Figure 4.
 
RGC neurite outgrowth after 7 days. WT RGCs were isolated from neonatal mouse pups and cultured for 7 days. Scale bar, 50 µm. (A) WT RGCs alone were plated on the coverslips. (B) WT RGCs on coverslips were placed on the bottom of the lower chamber, and WT ONHAs were seeded on the membrane of the upper chamber. (C) WT RGCs on coverslips were placed on the bottom of the lower chamber, and S1R KO ONHAs were seeded on the membrane of the upper chamber. (D) RGC neurites were traced using Image J, Simple Neurite Tracer function, with green-colored overlay reflecting traced neurites. The total and maximal neurite length were measured and root and extremity numbers were counted. Significantly different from control *P < 0.05, **P < 0.01, ****P < 0.0001. Data were analyzed using one-way ANOVA followed by Tukey-Kramer post hoc test for multiple comparisons. Two coverslips, and eight microscopic fields per coverslip were quantified from each group of each isolation. The total number of cells analyzed per group was N = 120–380. These experiments were repeated in triplicate with cells isolated from different dates, different animals.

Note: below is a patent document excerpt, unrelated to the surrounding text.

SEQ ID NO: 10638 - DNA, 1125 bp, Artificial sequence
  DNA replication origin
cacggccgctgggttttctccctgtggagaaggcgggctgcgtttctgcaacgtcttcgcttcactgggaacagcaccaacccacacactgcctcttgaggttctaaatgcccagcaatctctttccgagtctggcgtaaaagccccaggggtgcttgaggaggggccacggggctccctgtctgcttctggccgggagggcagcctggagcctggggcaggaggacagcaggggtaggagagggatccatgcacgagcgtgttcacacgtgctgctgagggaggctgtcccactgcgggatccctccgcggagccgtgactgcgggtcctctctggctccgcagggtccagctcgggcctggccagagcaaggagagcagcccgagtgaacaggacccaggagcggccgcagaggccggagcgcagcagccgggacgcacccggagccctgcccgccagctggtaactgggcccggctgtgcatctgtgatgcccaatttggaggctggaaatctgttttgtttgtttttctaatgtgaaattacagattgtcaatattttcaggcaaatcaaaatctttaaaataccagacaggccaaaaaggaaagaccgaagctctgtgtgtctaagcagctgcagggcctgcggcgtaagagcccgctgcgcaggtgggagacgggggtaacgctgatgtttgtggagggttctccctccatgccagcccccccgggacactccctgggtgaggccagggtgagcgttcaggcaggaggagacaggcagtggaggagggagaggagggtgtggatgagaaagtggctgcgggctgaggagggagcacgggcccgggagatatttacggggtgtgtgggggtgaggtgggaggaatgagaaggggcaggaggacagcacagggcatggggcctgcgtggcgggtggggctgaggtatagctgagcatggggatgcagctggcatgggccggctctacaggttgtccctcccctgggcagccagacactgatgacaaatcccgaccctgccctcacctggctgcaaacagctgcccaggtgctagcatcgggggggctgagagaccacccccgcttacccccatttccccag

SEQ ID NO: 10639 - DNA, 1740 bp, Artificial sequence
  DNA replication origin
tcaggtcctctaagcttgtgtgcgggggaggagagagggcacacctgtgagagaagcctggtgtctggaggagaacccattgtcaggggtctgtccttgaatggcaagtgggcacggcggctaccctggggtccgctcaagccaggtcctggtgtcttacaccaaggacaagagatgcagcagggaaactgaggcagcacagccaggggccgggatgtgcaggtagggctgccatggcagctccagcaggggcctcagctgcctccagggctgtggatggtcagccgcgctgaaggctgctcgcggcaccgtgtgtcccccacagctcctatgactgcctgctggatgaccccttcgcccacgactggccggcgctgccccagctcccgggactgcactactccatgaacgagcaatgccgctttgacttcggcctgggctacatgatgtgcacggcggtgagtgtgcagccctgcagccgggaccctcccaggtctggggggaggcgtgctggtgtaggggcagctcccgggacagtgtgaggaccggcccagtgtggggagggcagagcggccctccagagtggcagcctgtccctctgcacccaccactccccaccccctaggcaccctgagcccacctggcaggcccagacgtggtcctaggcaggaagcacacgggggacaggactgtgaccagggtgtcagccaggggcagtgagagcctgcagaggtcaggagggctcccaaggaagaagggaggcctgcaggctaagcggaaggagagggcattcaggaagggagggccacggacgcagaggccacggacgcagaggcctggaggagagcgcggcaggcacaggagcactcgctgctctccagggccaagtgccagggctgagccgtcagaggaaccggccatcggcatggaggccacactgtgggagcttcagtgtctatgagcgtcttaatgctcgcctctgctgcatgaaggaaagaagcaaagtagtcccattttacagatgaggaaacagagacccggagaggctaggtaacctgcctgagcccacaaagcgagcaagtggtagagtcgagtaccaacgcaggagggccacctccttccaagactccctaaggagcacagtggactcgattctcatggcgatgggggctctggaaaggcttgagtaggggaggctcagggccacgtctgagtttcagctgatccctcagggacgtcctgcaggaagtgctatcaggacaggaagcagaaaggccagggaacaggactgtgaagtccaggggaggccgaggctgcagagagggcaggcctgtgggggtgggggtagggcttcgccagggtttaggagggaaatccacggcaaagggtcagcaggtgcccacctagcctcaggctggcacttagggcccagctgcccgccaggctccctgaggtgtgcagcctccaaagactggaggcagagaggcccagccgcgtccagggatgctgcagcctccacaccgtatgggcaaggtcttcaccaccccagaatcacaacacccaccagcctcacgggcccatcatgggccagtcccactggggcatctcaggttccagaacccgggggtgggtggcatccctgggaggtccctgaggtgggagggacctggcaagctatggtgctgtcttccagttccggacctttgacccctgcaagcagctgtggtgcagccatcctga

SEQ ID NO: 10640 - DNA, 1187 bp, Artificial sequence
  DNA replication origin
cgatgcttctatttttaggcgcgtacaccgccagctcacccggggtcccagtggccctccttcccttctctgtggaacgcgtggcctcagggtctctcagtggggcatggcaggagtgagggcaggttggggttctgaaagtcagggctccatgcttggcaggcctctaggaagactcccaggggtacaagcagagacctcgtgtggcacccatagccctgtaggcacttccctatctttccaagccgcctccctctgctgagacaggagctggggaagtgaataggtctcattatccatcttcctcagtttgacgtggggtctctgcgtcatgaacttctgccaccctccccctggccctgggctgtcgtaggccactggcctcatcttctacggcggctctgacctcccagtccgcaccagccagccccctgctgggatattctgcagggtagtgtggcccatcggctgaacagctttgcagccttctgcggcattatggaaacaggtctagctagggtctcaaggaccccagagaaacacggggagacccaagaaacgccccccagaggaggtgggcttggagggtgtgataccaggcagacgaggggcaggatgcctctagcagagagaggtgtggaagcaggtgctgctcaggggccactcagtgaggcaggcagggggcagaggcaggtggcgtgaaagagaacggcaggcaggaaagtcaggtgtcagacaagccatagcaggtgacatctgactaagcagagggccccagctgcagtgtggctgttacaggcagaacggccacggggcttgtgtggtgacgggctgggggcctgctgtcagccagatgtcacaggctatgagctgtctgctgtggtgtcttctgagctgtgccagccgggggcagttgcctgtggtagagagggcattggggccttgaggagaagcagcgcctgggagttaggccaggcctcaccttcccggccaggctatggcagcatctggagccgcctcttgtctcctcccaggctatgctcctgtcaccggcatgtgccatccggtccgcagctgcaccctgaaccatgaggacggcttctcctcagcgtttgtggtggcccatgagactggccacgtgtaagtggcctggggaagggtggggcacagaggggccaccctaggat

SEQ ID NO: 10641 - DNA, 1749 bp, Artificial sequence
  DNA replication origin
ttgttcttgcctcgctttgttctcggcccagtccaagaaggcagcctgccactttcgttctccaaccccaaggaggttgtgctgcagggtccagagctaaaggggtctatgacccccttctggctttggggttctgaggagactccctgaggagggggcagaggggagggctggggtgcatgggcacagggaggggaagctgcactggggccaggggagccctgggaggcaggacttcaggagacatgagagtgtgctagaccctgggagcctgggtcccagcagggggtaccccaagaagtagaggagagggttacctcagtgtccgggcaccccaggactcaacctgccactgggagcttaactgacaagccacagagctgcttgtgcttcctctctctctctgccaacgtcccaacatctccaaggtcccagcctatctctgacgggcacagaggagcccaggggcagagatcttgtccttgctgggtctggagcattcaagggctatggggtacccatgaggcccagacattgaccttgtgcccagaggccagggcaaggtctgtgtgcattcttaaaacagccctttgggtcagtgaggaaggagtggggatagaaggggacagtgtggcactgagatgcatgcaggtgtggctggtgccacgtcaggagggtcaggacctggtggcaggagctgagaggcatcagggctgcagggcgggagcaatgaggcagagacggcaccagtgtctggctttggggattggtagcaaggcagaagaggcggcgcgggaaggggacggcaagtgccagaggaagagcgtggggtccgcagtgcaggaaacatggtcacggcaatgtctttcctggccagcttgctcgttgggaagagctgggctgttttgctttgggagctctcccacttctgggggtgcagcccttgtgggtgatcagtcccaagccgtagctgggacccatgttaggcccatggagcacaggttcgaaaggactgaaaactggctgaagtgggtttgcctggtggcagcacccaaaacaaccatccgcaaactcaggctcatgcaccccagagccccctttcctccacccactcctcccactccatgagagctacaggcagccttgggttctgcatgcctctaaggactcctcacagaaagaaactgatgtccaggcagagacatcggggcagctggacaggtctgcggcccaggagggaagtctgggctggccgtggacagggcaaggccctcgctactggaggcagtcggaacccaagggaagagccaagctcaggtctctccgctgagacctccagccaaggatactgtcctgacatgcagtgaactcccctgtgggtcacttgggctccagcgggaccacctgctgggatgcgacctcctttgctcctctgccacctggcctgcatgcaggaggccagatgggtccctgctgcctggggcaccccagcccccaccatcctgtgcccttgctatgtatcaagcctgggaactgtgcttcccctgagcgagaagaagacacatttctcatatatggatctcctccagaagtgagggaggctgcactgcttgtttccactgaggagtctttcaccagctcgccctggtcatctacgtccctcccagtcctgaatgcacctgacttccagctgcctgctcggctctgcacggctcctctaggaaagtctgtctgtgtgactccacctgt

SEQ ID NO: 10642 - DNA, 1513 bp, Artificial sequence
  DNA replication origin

Figure 5.
 
Comparison of neurite outgrowth over time among groups of WT RGCs, alone or in coculture with WT or S1R KO ONHAs. (A) Total neurite length measurement. (B) The maximal neurite length measurement. (C) The root count. (D) The extremity count. The experiments analyzed were repeated in triplicate with cells isolated from different dates, different animals.
Figure 5.
 
Comparison of neurite outgrowth over time among groups of WT RGCs, alone or in coculture with WT or S1R KO ONHAs. (A) Total neurite length measurement. (B) The maximal neurite length measurement. (C) The root count. (D) The extremity count. The experiments analyzed were repeated in triplicate with cells isolated from different dates, different animals.
Figure 6.